In the days leading up to President Donald Trump’s announcement on whether or not he will continue the participation of the United States in the Paris Climate Agreement, a crack in the Larsen C Ice Shelf has rapidly expanded.

From Sunday through Wednesday, the crack spread  11 miles, according to Project MIDAS, a project that monitors the Antarctic ice shelf. The crack is now just eight miles from spreading to the front of the ice, at which point the break will most likely be complete.

Read: Antarctica’s Larsen C Ice Shelf Crack Will Create One Of The Biggest Icebergs Ever When It Calves

When the ice breaks off it will create one of the largest icebergs ever recorded. Monitoring of the tear in the ice shows the tear has turned toward the outer edge of the ice where the shelf meets the water, indicating the eventual break will probably happen sooner rather than later.

The iceberg that will come off of the shelf represents about 10 percent of the entire shelf. This change will have a major impact on the Antarctic Peninsula’s landscape, especially in the northeastern area where the piece will break off. The piece of ice that breaks off will be roughly the size of Delaware. Two other icebergs have broken off of the shelf previously. Larsen B collapsed in 2002 and floated away much like the Larsen C likely will. While the Larsen B was significantly smaller than C, it floated off and broke down.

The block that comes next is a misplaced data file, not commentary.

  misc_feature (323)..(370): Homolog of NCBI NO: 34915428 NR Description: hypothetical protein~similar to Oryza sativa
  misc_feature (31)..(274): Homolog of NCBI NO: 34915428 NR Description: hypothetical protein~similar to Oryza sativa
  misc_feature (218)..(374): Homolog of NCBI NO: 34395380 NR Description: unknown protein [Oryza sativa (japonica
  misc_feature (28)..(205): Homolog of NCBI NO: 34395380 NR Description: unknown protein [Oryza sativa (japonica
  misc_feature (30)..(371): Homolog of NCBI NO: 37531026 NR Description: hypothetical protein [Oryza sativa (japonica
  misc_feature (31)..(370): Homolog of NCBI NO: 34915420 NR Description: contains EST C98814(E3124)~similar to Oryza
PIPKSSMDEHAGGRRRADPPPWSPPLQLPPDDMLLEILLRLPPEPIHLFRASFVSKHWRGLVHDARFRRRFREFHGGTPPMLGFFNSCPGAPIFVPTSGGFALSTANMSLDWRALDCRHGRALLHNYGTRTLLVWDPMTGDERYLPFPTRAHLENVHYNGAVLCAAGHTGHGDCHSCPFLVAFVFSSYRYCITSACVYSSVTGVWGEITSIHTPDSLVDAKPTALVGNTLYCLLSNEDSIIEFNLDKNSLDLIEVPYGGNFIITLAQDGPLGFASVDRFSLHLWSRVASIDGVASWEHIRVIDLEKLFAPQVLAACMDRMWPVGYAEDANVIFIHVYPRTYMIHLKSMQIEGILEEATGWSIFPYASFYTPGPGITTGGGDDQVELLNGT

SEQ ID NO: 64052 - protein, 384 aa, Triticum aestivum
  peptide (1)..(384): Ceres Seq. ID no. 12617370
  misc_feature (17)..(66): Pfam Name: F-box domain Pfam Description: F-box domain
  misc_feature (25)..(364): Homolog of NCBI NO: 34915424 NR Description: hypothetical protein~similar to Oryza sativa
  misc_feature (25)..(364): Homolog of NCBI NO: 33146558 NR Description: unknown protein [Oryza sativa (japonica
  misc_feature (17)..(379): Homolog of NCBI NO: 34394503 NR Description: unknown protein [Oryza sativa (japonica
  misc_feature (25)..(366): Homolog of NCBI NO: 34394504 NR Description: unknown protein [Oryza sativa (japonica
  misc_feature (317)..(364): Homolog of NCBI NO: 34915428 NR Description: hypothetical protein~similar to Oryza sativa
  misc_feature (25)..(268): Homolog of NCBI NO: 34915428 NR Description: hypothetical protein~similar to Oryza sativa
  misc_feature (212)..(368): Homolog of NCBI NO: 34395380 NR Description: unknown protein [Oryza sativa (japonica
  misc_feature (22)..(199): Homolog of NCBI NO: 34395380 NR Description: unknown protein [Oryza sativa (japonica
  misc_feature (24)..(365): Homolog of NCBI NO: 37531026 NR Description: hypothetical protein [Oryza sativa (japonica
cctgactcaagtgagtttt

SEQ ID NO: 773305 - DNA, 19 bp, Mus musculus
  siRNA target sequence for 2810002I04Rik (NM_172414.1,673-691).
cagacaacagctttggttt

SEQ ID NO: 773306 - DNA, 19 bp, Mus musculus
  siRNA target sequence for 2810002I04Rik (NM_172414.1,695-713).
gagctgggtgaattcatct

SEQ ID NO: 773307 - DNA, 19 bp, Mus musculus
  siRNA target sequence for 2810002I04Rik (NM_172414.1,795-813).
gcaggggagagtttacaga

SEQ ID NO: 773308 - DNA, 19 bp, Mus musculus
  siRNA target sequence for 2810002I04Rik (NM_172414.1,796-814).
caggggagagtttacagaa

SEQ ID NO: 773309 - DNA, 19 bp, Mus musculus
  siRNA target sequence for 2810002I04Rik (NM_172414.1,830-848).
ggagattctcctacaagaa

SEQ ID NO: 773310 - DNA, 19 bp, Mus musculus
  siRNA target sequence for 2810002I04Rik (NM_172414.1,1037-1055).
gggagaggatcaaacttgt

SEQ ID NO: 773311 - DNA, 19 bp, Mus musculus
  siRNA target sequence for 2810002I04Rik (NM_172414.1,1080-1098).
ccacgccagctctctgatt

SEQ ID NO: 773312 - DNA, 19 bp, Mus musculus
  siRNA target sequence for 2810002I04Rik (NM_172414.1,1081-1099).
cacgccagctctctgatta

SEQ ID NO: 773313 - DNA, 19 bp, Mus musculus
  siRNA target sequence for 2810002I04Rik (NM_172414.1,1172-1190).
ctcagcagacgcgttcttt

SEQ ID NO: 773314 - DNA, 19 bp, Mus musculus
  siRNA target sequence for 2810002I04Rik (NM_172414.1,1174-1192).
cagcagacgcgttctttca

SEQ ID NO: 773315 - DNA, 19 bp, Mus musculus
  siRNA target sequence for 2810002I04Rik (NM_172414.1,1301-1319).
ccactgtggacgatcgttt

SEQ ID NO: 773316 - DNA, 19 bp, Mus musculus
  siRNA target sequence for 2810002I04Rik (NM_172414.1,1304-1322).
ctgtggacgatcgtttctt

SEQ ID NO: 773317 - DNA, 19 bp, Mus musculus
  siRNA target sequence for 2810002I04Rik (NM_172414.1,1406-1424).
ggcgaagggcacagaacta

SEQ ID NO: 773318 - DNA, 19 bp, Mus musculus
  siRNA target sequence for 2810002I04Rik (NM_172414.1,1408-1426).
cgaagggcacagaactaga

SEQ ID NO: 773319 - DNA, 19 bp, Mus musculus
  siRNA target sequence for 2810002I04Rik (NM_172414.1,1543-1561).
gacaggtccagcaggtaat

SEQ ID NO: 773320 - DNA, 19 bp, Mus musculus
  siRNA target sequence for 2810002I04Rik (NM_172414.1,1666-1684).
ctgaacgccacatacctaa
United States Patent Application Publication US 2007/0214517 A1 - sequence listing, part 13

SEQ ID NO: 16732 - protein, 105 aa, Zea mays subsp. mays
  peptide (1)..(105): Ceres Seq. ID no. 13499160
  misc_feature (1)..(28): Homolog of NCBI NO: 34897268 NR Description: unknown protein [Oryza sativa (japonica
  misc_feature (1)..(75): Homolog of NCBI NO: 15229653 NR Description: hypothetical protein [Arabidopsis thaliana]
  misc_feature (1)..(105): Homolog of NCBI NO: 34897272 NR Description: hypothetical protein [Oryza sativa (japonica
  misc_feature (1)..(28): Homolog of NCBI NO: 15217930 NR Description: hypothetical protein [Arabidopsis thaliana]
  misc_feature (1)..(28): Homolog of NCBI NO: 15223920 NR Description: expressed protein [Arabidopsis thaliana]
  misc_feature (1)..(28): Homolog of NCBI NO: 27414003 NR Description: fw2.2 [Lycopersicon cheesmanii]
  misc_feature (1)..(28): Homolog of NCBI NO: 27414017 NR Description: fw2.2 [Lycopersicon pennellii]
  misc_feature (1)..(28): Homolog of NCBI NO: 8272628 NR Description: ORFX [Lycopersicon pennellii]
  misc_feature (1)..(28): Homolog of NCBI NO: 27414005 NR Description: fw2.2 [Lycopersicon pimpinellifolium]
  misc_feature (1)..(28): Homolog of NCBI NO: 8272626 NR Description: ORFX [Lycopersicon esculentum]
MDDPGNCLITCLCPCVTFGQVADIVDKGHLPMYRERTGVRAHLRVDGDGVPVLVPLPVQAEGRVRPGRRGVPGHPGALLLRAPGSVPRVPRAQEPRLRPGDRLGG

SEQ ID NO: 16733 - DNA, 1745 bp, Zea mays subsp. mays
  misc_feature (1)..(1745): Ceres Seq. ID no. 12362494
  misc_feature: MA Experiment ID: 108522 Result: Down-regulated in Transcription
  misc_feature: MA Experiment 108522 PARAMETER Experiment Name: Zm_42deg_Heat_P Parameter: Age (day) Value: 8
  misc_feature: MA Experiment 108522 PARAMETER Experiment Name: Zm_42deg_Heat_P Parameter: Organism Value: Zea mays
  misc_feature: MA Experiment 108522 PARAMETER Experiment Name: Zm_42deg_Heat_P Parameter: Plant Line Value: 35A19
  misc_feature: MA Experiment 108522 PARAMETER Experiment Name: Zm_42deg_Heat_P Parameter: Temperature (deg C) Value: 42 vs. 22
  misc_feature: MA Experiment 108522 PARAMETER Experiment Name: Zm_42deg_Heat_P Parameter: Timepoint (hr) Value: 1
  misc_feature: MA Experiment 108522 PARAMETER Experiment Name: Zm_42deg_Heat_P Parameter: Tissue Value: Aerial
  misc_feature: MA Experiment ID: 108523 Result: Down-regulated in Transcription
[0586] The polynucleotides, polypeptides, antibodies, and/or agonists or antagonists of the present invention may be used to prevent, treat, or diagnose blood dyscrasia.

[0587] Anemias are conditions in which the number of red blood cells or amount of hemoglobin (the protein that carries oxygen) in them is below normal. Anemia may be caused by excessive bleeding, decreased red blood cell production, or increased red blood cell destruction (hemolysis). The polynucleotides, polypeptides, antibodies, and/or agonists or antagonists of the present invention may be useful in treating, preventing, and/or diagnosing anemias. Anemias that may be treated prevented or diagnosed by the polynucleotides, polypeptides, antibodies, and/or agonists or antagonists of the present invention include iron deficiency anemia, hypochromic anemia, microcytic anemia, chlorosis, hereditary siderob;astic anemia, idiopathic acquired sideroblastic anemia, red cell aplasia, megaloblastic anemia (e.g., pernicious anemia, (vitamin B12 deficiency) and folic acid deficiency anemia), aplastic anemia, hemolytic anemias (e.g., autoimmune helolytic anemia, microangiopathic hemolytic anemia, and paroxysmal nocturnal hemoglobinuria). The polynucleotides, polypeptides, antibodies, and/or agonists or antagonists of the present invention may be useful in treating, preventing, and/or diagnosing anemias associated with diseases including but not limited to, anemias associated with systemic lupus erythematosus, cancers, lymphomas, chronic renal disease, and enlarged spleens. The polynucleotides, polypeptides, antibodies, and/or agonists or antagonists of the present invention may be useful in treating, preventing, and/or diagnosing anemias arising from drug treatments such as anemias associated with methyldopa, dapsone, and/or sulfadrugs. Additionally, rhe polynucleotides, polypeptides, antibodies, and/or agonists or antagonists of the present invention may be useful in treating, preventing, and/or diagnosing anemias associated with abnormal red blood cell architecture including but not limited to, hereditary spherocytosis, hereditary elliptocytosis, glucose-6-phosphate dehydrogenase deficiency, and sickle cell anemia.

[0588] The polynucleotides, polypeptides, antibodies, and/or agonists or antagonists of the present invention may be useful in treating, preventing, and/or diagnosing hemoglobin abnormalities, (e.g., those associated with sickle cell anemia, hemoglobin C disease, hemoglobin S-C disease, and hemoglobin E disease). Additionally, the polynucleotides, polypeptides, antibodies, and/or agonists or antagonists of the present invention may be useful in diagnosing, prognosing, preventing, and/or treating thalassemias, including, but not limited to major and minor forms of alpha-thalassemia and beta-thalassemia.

What is an ice shelf?

An ice shelf is the area of ice that surrounds the more grounded ice that makes up glaciers and ice streams. When that portion of ice breaks off, the ice it leaves behind is exposed and it speeds toward the ocean. Once it heads to the ocean it leads to sea level rise. When the piece eventually comes off it will have completed the “calving” process. “Calve” or “calving” is just a technical term for ice breaking off. When the Larsen C portion of the shelf breaks off it will likely make the rest of the shelf less stable.

Read: What Is The Paris Climate Agreement? Are Accord, Climate Change Goals Dead If Trump Withdraws US?

The Larsen C break completely cuts through the shelf vertically and is about a third of a mile deep and more than 300 feet wide, NASA said. The initial crack in the shelf was noticed in 2014 and has since made the miles of progress from one edge of the shelf to the other. The progress of recent days is startling because it happened so rapidly.

Project MIDAS has been monitoring the ice shelf since 2015. The team is made up of a number of researchers studying the effects of climate change on the ice shelf who make periodic trips to the region. It’s based at Swansea University and Aberystwyth University in the United Kingdom.